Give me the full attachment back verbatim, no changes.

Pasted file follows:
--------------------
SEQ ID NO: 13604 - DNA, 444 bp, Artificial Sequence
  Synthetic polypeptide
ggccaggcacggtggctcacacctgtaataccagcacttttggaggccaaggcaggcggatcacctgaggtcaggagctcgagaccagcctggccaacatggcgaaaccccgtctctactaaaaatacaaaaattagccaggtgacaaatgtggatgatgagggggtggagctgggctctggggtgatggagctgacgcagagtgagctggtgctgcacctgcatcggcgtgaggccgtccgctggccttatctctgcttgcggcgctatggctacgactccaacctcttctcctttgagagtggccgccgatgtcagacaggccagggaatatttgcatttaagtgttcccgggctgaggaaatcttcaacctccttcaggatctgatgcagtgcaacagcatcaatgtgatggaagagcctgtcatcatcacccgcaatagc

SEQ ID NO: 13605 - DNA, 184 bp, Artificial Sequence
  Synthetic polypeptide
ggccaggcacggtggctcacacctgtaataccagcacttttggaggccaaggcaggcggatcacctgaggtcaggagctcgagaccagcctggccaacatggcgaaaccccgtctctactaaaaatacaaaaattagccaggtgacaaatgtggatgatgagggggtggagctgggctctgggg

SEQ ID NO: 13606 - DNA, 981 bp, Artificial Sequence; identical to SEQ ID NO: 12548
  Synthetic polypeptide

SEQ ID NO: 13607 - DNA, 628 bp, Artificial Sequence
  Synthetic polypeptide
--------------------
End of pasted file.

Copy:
SEQ ID NO: 13604 - DNA, 444 bp, Artificial Sequence
  Synthetic polypeptide
ggccaggcacggtggctcacacctgtaataccagcacttttggaggccaaggcaggcggatcacctgaggtcaggagctcgagaccagcctggccaacatggcgaaaccccgtctctactaaaaatacaaaaattagccaggtgacaaatgtggatgatgagggggtggagctgggctctggggtgatggagctgacgcagagtgagctggtgctgcacctgcatcggcgtgaggccgtccgctggccttatctctgcttgcggcgctatggctacgactccaacctcttctcctttgagagtggccgccgatgtcagacaggccagggaatatttgcatttaagtgttcccgggctgaggaaatcttcaacctccttcaggatctgatgcagtgcaacagcatcaatgtgatggaagagcctgtcatcatcacccgcaatagc

SEQ ID NO: 13605 - DNA, 184 bp, Artificial Sequence
  Synthetic polypeptide
ggccaggcacggtggctcacacctgtaataccagcacttttggaggccaaggcaggcggatcacctgaggtcaggagctcgagaccagcctggccaacatggcgaaaccccgtctctactaaaaatacaaaaattagccaggtgacaaatgtggatgatgagggggtggagctgggctctgggg

SEQ ID NO: 13606 - DNA, 981 bp, Artificial Sequence; identical to SEQ ID NO: 12548
  Synthetic polypeptide

SEQ ID NO: 13607 - DNA, 628 bp, Artificial Sequence
  Synthetic polypeptide